(Washington, DC)—Today, Senator Bernie Sanders and Representative Barbara Lee introduced the “Inclusive Prosperity Act of 2019”, legislation that would raise an estimated $220 billion per year through a new tax on financial transactions. This would help curb harmful high frequency trading that puts the economy at risk, while holding Wall Street to pay its fair share to ensure access to essential public goods for people in the United States and around the world.
The act, which proposes a 0.5% tax on stock trading, 0.1% on bond trading, and 0.005% on derivatives trading,would generate billions of dollars in new revenue while curbing harmful high-frequency trading. The proceeds generated would be used for critical priorities, like closing funding gaps in global access to HIV treatment and prevention and ensuring adequate support for other important global health and humanitarian programs, helping to expand and improve Medicare, supporting climate change adaptation and mitigation efforts, investing in quality education for all, and improving transportation infrastructure. This legislation comes amidst calls from a growing number of lawmakers to address mounting domestic and global disparities in health outcomes, earning, and access to a safe environment.
“We are tired of hearing politicians claim that the U.S. budget is too small to fully fund life and death priorities such as AIDS treatment in countries around the world where it is needed most,” said Matthew Rose, Health GAP’s Director of U.S. Policy and Advocacy. “We want our lawmakers to have the guts to stand up to Wall Street and make the big banks pay their fair share to protect our communities.”
Small taxes on financial transactions are an established part of economic systems in many countries; almost 30 countries have some form of a financial transaction tax, and the U.S. had a similar tax from 1914-1966.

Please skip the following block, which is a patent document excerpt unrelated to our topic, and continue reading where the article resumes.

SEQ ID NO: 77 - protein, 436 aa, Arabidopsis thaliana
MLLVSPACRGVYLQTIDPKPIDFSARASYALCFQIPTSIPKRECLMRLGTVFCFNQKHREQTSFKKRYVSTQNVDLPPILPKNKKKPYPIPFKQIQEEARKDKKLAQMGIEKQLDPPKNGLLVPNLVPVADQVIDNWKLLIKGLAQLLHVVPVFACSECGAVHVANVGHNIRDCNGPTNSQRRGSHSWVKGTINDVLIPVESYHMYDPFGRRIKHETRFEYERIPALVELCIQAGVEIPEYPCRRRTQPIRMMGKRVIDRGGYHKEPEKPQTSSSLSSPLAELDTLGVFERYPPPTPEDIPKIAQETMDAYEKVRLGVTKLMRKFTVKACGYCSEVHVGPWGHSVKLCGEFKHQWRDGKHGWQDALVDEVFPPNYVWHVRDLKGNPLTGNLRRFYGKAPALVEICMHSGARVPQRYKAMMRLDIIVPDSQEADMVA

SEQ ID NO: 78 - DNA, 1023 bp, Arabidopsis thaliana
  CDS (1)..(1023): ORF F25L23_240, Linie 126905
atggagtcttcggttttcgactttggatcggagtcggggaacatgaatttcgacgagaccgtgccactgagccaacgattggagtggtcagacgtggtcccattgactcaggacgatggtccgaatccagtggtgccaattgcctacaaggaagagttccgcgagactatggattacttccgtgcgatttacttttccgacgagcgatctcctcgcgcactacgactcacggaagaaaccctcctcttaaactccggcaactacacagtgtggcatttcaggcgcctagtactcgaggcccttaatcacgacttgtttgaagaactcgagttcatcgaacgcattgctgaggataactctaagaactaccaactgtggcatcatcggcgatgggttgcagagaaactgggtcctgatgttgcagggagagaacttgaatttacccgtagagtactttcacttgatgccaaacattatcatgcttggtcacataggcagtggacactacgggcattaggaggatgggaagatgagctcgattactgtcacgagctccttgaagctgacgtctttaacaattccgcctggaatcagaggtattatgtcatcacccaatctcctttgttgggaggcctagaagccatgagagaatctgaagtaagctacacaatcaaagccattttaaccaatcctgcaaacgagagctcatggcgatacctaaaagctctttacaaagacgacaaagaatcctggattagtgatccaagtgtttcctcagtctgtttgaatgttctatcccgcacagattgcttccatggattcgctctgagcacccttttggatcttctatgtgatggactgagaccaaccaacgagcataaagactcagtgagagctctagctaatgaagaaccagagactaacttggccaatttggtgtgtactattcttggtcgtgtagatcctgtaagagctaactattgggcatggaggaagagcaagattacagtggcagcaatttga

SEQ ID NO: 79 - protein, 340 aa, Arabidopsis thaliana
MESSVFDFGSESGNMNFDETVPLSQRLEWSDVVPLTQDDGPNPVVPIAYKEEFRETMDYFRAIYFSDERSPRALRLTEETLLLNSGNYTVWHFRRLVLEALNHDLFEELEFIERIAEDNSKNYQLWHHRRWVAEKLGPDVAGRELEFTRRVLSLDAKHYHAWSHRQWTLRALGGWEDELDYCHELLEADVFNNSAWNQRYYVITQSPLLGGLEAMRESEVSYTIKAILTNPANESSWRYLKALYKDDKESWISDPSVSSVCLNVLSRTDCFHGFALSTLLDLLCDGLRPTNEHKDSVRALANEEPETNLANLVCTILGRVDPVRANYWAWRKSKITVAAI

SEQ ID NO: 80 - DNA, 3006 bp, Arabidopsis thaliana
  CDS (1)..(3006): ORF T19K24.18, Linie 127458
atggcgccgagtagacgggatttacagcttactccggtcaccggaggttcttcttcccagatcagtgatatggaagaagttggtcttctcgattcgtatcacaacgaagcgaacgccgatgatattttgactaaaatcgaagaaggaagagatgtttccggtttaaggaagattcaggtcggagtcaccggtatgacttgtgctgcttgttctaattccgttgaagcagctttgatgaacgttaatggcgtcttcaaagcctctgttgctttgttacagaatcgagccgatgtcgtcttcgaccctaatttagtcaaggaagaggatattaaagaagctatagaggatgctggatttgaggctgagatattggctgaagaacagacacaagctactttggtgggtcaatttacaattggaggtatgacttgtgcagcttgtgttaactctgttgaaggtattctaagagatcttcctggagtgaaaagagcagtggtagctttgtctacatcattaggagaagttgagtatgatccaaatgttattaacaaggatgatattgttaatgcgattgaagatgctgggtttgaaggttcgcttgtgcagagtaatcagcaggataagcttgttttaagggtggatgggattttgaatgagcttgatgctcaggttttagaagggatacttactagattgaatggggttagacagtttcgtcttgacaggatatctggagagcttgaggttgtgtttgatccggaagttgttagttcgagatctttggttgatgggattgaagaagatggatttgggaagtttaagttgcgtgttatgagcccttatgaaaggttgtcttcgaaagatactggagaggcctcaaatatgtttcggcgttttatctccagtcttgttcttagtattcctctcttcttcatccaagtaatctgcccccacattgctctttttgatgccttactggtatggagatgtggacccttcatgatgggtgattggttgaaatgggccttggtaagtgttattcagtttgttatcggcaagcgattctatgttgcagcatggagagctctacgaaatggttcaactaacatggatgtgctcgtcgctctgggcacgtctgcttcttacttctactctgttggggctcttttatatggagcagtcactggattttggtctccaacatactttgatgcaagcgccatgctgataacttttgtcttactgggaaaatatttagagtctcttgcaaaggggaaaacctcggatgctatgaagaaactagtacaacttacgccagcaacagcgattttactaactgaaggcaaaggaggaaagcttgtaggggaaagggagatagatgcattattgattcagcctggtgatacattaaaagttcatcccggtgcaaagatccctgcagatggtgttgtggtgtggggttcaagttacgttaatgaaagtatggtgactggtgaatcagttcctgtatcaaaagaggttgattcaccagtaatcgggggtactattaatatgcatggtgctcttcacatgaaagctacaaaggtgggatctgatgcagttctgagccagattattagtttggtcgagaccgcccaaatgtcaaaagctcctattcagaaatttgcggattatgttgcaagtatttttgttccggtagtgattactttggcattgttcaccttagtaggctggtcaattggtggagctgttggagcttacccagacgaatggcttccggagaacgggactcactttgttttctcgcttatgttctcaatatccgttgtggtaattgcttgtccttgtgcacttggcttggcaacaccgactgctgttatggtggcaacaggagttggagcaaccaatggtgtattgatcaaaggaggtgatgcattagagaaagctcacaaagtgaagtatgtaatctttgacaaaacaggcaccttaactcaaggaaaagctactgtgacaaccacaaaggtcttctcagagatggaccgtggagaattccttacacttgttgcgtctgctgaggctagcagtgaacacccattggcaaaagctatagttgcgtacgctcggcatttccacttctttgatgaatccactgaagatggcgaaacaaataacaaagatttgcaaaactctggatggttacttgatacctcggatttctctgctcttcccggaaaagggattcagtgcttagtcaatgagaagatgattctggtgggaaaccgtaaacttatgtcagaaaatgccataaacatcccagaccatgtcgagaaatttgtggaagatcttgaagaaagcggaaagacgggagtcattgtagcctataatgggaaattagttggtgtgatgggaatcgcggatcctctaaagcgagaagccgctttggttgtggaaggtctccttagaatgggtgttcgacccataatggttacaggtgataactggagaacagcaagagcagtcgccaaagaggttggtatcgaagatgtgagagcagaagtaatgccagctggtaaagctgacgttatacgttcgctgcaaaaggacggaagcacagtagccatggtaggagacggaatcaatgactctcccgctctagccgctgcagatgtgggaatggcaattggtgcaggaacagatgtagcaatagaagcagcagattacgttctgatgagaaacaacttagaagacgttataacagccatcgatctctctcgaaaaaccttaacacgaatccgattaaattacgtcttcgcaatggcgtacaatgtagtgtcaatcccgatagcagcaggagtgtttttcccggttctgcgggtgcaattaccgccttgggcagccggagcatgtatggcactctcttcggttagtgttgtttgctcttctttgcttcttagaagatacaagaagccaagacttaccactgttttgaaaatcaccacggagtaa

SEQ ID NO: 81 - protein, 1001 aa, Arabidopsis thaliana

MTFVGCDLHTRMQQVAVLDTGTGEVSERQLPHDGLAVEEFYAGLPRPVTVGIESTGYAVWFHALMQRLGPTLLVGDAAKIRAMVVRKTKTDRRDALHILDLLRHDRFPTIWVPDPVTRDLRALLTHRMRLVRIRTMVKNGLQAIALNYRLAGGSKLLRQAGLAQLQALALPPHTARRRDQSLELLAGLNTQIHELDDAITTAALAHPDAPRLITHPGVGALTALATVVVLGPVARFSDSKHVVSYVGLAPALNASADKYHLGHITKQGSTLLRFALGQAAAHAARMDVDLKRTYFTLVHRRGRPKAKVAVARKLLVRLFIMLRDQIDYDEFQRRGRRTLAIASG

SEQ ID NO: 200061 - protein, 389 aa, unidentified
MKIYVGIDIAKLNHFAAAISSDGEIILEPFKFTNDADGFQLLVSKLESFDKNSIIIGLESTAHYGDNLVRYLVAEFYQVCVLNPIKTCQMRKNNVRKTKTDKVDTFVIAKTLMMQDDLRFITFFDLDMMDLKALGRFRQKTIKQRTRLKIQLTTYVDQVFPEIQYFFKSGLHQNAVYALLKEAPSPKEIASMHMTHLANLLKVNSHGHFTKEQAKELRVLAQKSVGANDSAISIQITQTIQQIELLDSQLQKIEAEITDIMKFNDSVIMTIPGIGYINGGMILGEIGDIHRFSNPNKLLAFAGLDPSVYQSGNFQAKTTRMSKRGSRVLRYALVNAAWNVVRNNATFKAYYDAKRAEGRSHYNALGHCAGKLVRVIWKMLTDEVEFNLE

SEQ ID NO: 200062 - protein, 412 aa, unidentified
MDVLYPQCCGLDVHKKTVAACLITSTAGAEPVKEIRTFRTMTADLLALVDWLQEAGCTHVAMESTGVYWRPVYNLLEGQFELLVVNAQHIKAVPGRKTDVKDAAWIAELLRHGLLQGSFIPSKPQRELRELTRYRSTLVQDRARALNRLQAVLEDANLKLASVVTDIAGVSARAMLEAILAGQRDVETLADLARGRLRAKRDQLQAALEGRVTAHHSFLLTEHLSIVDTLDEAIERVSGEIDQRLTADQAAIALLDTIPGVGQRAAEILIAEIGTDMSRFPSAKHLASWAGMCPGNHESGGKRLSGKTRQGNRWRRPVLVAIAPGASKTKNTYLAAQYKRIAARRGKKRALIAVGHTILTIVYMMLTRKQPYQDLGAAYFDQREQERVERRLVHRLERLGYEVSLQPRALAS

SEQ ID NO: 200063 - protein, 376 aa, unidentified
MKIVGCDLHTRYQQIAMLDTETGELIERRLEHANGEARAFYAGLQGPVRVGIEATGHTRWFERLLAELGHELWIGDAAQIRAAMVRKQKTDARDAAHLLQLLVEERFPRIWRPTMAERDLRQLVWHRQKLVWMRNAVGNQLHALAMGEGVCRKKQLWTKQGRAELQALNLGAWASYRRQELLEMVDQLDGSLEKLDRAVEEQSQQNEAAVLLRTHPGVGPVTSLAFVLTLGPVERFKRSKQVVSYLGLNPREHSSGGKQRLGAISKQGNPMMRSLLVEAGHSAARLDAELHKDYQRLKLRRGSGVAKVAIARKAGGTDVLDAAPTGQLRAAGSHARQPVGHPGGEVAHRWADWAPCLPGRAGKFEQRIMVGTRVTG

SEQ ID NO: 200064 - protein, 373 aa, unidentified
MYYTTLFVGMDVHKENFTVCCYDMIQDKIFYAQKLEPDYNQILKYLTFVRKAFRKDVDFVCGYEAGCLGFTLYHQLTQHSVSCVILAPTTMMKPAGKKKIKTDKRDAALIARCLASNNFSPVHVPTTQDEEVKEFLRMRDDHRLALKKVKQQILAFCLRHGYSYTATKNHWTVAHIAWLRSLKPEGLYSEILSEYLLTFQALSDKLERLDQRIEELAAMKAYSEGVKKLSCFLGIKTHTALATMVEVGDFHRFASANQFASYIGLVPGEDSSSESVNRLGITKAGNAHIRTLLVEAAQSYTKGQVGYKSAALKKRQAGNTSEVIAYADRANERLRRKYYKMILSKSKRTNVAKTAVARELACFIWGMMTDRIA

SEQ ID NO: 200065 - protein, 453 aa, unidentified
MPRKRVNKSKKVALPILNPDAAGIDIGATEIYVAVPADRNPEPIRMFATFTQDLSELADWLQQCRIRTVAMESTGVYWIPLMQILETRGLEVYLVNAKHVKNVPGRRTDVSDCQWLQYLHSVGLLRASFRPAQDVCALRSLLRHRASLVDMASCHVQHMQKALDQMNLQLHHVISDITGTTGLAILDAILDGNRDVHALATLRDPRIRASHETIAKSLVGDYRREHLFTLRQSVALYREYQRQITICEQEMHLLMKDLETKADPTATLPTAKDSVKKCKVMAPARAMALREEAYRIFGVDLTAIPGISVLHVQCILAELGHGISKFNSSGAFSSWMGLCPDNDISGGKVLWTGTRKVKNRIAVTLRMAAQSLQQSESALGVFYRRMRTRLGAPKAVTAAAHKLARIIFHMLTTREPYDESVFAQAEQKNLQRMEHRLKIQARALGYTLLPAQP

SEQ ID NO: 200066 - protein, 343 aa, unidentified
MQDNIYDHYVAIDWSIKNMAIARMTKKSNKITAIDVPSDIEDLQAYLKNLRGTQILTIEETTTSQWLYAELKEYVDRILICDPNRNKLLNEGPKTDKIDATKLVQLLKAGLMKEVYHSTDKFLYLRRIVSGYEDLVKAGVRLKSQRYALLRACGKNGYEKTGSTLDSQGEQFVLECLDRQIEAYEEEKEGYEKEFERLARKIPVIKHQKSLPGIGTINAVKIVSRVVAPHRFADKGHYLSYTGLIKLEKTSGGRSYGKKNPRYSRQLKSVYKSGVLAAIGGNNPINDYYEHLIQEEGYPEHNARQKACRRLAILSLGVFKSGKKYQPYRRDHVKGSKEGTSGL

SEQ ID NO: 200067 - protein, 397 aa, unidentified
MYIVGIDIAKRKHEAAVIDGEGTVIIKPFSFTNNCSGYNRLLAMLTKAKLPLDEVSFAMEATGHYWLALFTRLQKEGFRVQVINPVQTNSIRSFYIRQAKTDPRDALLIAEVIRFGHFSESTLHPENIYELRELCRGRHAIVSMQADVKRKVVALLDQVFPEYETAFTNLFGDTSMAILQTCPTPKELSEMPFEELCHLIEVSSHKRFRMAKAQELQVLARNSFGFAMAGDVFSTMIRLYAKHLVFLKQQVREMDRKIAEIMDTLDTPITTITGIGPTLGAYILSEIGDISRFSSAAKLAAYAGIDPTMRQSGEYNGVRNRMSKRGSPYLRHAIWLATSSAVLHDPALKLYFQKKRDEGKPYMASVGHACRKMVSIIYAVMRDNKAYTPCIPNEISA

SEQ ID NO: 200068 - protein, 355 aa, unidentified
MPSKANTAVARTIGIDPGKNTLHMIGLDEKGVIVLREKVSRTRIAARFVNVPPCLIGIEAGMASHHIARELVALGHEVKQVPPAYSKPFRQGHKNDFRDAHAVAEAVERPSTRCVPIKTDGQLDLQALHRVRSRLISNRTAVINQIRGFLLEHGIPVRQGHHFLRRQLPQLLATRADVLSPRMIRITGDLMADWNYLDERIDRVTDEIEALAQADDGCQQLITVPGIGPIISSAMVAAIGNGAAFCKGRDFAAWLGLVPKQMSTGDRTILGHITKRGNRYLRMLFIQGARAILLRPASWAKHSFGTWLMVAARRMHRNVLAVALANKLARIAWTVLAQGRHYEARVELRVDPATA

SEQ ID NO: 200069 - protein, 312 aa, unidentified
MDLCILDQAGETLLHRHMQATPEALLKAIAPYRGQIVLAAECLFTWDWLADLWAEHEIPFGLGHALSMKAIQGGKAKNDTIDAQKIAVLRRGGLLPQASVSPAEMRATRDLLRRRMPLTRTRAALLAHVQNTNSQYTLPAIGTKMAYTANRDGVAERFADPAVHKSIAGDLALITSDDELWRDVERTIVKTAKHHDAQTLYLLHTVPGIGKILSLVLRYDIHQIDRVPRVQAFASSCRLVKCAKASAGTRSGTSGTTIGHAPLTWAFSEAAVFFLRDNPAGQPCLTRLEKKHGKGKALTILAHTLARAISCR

The Bill reflects the recommendations of the Robin Hood Tax coalition, a group of 165 organizations and networks including labor unions, religious organizations, health advocates, housing activists, environmentalists, small businesses and more, that have been calling for a tax on Wall Street. UNAIDS estimates that there is at least a $7.2 billion funding gap for HIV prevention and treatment services globally to get on track towards the global goal of defeating AIDS as a global public health threat by 2030.
“This innovative tax couldn’t come soon enough for young people, poor people, people of color, marginalized people, and people living with and affected by HIV in this country and around the world. ,” said Emily Sanderson, Health GAP’s National Organizer. “If we wait for business as usual approaches to deliver progress in ending AIDS, we will be waiting forever.”
Health GAP is an international advocacy organization dedicated to ensuring that all people living with HIV have access to affordable life sustaining medicines. Our team pairs pragmatic policy work with audacious grassroots action to win equitable access to treatment, care and prevention for people living with and affected by HIV worldwide. We are dedicated to eliminating barriers to universal access to affordable life sustaining medicines for people living with HIV/AIDS as key to a comprehensive strategy to confront and ultimately stop the AIDS pandemic. We believe that the human right to life and to health must prevail over the pharmaceutical industry’s excessive profits and expanding patent rights.